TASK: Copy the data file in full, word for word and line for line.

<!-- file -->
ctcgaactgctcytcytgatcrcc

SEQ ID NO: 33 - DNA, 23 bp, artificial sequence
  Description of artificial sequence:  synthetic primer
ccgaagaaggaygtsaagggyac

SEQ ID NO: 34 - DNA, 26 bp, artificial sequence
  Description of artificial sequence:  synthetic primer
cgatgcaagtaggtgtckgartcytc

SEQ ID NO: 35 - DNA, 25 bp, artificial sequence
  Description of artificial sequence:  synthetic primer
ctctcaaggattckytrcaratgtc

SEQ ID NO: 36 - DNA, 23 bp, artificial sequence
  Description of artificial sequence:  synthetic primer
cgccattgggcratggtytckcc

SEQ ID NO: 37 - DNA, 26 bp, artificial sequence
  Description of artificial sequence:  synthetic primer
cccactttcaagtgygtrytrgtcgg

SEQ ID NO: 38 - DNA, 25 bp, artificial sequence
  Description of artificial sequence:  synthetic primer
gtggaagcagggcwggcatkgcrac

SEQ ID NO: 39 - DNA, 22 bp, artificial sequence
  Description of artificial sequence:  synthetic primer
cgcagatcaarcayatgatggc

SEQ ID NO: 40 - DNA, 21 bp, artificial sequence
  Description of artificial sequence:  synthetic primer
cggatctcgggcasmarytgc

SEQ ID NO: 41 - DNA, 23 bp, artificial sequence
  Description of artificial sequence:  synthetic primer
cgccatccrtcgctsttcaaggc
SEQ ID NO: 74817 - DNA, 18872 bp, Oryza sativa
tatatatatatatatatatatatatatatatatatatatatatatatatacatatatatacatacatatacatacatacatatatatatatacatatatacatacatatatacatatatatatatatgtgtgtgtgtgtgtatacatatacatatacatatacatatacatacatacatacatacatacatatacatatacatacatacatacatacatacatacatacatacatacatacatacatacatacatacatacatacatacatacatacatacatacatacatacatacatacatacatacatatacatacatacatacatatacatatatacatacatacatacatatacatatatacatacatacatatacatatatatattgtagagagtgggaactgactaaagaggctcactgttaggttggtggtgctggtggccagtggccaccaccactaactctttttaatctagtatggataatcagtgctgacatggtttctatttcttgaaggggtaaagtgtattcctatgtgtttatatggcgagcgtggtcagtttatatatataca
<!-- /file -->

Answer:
ctcgaactgctcytcytgatcrcc

SEQ ID NO: 33 - DNA, 23 bp, artificial sequence
  Description of artificial sequence:  synthetic primer
ccgaagaaggaygtsaagggyac

SEQ ID NO: 34 - DNA, 26 bp, artificial sequence
  Description of artificial sequence:  synthetic primer
cgatgcaagtaggtgtckgartcytc

SEQ ID NO: 35 - DNA, 25 bp, artificial sequence
  Description of artificial sequence:  synthetic primer
ctctcaaggattckytrcaratgtc

SEQ ID NO: 36 - DNA, 23 bp, artificial sequence
  Description of artificial sequence:  synthetic primer
cgccattgggcratggtytckcc

SEQ ID NO: 37 - DNA, 26 bp, artificial sequence
  Description of artificial sequence:  synthetic primer
cccactttcaagtgygtrytrgtcgg

SEQ ID NO: 38 - DNA, 25 bp, artificial sequence
  Description of artificial sequence:  synthetic primer
gtggaagcagggcwggcatkgcrac

SEQ ID NO: 39 - DNA, 22 bp, artificial sequence
  Description of artificial sequence:  synthetic primer
cgcagatcaarcayatgatggc

SEQ ID NO: 40 - DNA, 21 bp, artificial sequence
  Description of artificial sequence:  synthetic primer
cggatctcgggcasmarytgc

SEQ ID NO: 41 - DNA, 23 bp, artificial sequence
  Description of artificial sequence:  synthetic primer
cgccatccrtcgctsttcaaggc
SEQ ID NO: 74817 - DNA, 18872 bp, Oryza sativa
tatatatatatatatatatatatatatatatatatatatatatatatatacatatatatacatacatatacatacatacatatatatatatacatatatacatacatatatacatatatatatatatgtgtgtgtgtgtgtatacatatacatatacatatacatatacatacatacatacatacatacatatacatatacatacatacatacatacatacatacatacatacatacatacatacatacatacatacatacatacatacatacatacatacatacatacatacatacatacatacatacatatacatacatacatacatatacatatatacatacatacatacatatacatatatacatacatacatatacatatatatattgtagagagtgggaactgactaaagaggctcactgttaggttggtggtgctggtggccagtggccaccaccactaactctttttaatctagtatggataatcagtgctgacatggtttctatttcttgaaggggtaaagtgtattcctatgtgtttatatggcgagcgtggtcagtttatatatataca